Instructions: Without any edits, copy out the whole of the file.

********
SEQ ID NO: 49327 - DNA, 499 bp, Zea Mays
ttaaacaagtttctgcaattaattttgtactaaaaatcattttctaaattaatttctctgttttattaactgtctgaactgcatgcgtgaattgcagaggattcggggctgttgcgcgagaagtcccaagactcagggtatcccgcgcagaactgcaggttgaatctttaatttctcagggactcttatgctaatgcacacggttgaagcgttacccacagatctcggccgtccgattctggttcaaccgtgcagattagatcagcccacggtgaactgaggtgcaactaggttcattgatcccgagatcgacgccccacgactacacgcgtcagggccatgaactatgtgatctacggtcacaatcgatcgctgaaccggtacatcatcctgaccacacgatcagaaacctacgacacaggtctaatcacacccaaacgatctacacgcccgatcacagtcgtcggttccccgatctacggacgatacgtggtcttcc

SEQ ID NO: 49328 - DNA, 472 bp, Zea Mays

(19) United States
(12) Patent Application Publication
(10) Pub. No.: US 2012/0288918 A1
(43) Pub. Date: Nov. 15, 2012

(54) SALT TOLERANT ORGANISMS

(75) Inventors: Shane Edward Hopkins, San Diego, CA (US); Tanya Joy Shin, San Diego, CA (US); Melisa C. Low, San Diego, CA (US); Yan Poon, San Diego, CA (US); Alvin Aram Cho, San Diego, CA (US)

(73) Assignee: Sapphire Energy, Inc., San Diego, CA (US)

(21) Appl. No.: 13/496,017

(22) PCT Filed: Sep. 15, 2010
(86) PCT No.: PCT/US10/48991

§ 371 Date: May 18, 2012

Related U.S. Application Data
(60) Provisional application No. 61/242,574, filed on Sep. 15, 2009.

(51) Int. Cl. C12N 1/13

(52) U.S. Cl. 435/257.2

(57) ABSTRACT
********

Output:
SEQ ID NO: 49327 - DNA, 499 bp, Zea Mays
ttaaacaagtttctgcaattaattttgtactaaaaatcattttctaaattaatttctctgttttattaactgtctgaactgcatgcgtgaattgcagaggattcggggctgttgcgcgagaagtcccaagactcagggtatcccgcgcagaactgcaggttgaatctttaatttctcagggactcttatgctaatgcacacggttgaagcgttacccacagatctcggccgtccgattctggttcaaccgtgcagattagatcagcccacggtgaactgaggtgcaactaggttcattgatcccgagatcgacgccccacgactacacgcgtcagggccatgaactatgtgatctacggtcacaatcgatcgctgaaccggtacatcatcctgaccacacgatcagaaacctacgacacaggtctaatcacacccaaacgatctacacgcccgatcacagtcgtcggttccccgatctacggacgatacgtggtcttcc

SEQ ID NO: 49328 - DNA, 472 bp, Zea Mays

(19) United States
(12) Patent Application Publication
(10) Pub. No.: US 2012/0288918 A1
(43) Pub. Date: Nov. 15, 2012

(54) SALT TOLERANT ORGANISMS

(75) Inventors: Shane Edward Hopkins, San Diego, CA (US); Tanya Joy Shin, San Diego, CA (US); Melisa C. Low, San Diego, CA (US); Yan Poon, San Diego, CA (US); Alvin Aram Cho, San Diego, CA (US)

(73) Assignee: Sapphire Energy, Inc., San Diego, CA (US)

(21) Appl. No.: 13/496,017

(22) PCT Filed: Sep. 15, 2010
(86) PCT No.: PCT/US10/48991

§ 371 Date: May 18, 2012

Related U.S. Application Data
(60) Provisional application No. 61/242,574, filed on Sep. 15, 2009.

(51) Int. Cl. C12N 1/13

(52) U.S. Cl. 435/257.2

(57) ABSTRACT